The attacks on Israel that began Saturday morning will undoubtedly be viewed by some as just the latest, if unusually brutal, tit-for-tat in the region’s seemingly nonstop cycle of violence.
But today is different. Today is a day that will be recorded in history as one of Israel’s darkest. And in the days and weeks to come, as the shock and fog of war recedes and the full repercussions become clear, this may be a turning point in the West’s fight against terror.
It is already clear that Palestinian terrorists have crossed a line as never before. Many nations have quickly declared that the brutality perpetrated by Palestinian terrorists is unconscionable. Yet unsurprisingly, many more nations have remained silent or, worse, sought to explain away the brutality to fit their own political perspectives and world views. They are deeply wrong.
In an era when the line between right and wrong is constantly blurred, this is a moment of sobering clarity.
Hamas has sunk to a depth of savagery that should shock us to the core. The terror group infiltrated Israel by land, air, and sea, and attacked nearby communities. They slaughtered the elderly, gunned down civilians in their homes, kidnapped mothers with babies in their arms, mutilated the bodies of men and women, and paraded their victims through the streets of Gaza in a show of celebration.
Through these and many other inhumane acts, Palestinian terrorists have shown their fight is not about settlements, checkpoints, or the myriad other policies that Israelis and Palestinians squabble over. This weekend, we saw what militant Palestinians and their supporters mean when they tell us they want the land ‘From the River to the Sea.’ They want every inch of land – every city, town, kibbutz, settlement, and village—between the Mediterranean Sea and the Jordan River, and they want it cleansed of every single Jew.
This is a moment of reckoning for every leader and institution that has spent years sending the message that Palestinians are free to respond to their real struggles and hardships by any means necessary to defeat the “Zionists.”
Palestinian Authority President Mahmoud Abbas reacted to the attacks by expressing his solidarity with Palestinian people and justifying the attacks as a response to the “terror of settlers and occupation troops.” But the terrorists didn’t target settlements; they attacked communities near the Gaza border where families were at home celebrating Shabbat and the Jewish holiday of Simchat Torah. There is no partner for peace to be found in a man who can’t muster the courage to condemn gunmen who held families hostage and abducted children.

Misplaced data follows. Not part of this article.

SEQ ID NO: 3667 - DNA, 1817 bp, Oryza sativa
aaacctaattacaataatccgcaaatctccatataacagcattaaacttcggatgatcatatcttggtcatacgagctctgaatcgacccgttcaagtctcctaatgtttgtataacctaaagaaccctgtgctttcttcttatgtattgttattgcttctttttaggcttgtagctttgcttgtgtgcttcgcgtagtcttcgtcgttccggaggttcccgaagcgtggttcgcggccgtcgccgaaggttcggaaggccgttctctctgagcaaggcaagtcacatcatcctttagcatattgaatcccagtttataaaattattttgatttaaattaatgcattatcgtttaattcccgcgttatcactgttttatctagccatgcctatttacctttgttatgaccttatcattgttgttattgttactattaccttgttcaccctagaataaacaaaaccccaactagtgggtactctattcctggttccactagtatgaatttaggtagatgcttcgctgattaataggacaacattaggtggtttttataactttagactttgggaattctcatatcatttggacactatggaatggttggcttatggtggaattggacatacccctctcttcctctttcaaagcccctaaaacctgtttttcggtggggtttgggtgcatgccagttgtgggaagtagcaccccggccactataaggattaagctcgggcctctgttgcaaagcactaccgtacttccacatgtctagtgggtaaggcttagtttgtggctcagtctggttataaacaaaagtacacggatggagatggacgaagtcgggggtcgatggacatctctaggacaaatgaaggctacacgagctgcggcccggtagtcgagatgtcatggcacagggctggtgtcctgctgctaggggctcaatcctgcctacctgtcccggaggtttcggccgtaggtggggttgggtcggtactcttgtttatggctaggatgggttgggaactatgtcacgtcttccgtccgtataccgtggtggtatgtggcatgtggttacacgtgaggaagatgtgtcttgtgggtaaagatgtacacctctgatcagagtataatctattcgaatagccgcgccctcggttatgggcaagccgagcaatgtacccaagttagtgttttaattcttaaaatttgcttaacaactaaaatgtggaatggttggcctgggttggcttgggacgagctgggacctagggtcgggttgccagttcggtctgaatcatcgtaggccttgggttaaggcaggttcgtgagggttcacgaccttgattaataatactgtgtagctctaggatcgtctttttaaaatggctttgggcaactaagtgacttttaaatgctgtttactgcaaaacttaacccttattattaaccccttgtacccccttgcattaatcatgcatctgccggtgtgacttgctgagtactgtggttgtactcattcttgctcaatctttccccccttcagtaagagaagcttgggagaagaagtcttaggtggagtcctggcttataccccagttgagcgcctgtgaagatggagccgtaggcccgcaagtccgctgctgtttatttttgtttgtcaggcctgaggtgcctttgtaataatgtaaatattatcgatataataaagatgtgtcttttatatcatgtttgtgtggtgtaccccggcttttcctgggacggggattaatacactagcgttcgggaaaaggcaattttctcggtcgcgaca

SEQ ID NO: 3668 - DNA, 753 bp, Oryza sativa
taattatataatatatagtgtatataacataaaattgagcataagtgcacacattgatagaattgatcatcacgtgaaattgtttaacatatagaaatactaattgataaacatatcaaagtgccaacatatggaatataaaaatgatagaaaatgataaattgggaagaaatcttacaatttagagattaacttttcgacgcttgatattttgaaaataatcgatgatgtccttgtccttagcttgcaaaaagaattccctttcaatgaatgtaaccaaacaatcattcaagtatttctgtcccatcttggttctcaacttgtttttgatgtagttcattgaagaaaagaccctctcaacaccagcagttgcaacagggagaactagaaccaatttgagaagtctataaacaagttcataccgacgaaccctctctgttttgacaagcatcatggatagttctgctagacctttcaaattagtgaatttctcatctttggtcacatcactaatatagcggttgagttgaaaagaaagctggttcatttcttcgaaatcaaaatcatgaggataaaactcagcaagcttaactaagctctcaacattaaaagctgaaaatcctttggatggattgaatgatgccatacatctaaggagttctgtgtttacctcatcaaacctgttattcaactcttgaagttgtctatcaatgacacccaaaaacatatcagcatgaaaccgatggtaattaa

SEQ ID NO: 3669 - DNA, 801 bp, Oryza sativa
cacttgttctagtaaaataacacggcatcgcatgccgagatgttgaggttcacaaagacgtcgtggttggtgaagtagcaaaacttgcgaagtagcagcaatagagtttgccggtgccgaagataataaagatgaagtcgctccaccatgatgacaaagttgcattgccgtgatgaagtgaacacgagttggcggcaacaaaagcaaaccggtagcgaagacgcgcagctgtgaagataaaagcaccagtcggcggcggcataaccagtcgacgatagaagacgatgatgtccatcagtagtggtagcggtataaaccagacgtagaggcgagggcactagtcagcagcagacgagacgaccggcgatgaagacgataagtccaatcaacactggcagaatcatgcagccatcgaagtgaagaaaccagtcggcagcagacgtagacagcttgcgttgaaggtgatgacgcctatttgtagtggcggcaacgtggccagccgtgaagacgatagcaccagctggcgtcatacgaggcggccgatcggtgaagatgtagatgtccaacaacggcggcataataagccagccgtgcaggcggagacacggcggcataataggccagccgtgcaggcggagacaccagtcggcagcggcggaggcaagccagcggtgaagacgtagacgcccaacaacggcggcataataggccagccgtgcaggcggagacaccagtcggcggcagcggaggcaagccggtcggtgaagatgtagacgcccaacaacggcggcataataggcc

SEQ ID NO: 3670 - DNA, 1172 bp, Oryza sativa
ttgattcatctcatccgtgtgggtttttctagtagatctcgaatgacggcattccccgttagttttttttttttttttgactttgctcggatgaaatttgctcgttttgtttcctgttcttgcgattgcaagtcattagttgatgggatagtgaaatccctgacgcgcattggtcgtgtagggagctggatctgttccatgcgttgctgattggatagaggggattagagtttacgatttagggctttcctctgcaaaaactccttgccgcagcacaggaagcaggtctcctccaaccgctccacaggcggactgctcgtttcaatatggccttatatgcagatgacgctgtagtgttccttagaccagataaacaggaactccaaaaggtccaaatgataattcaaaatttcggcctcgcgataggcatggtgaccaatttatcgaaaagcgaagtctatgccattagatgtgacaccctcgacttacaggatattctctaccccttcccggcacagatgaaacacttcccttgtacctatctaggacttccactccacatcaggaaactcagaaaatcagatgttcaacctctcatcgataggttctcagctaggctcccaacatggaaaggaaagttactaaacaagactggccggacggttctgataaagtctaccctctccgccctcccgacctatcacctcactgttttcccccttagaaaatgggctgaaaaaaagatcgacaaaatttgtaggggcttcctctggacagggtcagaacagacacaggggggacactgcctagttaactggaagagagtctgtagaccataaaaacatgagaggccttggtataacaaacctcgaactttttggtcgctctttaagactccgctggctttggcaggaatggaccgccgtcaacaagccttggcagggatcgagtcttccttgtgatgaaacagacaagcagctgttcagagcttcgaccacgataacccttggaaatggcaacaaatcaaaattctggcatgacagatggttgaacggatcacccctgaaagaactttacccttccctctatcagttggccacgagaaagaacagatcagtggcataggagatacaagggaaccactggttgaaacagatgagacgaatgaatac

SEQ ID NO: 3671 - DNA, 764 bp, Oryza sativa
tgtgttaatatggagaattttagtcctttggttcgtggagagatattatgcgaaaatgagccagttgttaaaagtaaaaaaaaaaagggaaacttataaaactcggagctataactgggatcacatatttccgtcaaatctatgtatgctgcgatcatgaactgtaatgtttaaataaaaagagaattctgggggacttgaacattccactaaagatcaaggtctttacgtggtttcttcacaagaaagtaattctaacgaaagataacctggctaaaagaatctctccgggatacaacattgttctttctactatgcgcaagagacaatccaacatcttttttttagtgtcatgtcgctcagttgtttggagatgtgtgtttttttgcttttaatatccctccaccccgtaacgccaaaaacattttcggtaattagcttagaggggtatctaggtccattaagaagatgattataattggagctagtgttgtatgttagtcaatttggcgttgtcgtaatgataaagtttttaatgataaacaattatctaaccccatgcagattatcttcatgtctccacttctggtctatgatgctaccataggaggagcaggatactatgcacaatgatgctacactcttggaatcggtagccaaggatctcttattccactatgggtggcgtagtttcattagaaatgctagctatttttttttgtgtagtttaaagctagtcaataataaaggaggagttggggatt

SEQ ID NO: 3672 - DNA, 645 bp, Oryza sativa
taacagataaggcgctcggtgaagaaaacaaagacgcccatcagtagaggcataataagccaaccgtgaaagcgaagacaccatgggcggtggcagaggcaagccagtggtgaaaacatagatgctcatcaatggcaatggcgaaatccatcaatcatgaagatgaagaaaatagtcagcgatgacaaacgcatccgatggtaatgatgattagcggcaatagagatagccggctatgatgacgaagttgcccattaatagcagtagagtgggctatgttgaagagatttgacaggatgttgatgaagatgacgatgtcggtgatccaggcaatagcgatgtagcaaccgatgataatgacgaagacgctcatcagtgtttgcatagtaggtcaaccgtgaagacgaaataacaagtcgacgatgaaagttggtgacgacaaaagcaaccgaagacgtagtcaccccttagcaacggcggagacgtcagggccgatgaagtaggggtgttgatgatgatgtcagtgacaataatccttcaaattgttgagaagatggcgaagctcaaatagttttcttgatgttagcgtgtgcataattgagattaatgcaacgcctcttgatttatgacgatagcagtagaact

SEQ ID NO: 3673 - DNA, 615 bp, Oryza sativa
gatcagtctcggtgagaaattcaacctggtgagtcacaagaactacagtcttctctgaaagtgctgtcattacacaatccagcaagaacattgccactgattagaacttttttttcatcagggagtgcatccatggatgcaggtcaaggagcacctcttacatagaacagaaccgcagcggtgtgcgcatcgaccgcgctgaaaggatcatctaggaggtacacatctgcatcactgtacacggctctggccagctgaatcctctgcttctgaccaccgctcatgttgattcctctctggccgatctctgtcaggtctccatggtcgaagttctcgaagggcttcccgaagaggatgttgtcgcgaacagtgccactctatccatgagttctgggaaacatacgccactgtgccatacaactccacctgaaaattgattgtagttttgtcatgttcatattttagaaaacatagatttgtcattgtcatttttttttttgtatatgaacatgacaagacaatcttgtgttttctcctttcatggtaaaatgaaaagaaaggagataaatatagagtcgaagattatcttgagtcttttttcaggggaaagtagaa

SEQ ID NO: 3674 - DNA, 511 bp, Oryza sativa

This attack comes almost 50 years to the day after the country was taken by surprise in the 1973 Yom Kippur War, and at a time when the nation is grappling with internal conflicts over how to move forward as a democracy. Having persisted through 75 years of open hostility, Israel will survive this crisis as well.
Instead, this will be a defining moment for every other nation, particularly those that stand for freedom, human dignity, and the rule of law. As welcome as the many tweets of solidarity have been, we need to look ahead.
Israel is already striking targets in Gaza and undoubtedly, the fighting will continue in the days and weeks ahead as Israel battles to return its captured citizens and dismantle the terror infrastructure that planned and executed these attacks.
This will mean that destruction and devastation will be rained on Gaza, with many Palestinians killed. Soon after, a familiar cycle will begin. Upsetting images—some real, some forged by “Pallywood,” some recycled—of destroyed homes and broken Palestinian families will be splashed across front pages and circulated alongside outraged messages online.
A battle of narratives will ensue. Resolves will fade, and condemnations will commence. Social media is already filled with apologists who gleefully post images of people celebrating the death and kidnapping of Israeli children. Academics and human rights professionals are questioning why the White House is calling the terrorists “terrorists.” And pundits are defending the brutality as “armed indigenous people taking their land back from colonizers,” astutely ignoring the fact that Jews are indigenous to the land of Israel.
Many aspects of the Israeli-Palestinian conflict are open to debate as we strive for long-term stability and a time when all peoples can live with peace, security, dignity, and opportunities. But some things are not open to interpretation. One can be deeply troubled by the Palestinian’s plight and still maintain the moral clarity to recognize that certain lines should never be crossed—that we must never confuse the terrorists who target civilians with an army that targets terrorists who attack its civilians.
Every nation, institution, and leader is on notice. One day, books will be written, courses taught, and movies made about these events. History is watching, and we are all on the record.
Aviva Klompas is co-founder of Boundless, a non-profit organization that partners with community leaders to support Israel education and combat Jew hatred. She also served as director of speechwriting at the Israeli Mission to the United Nations.
The views expressed in this article are the writer’s own.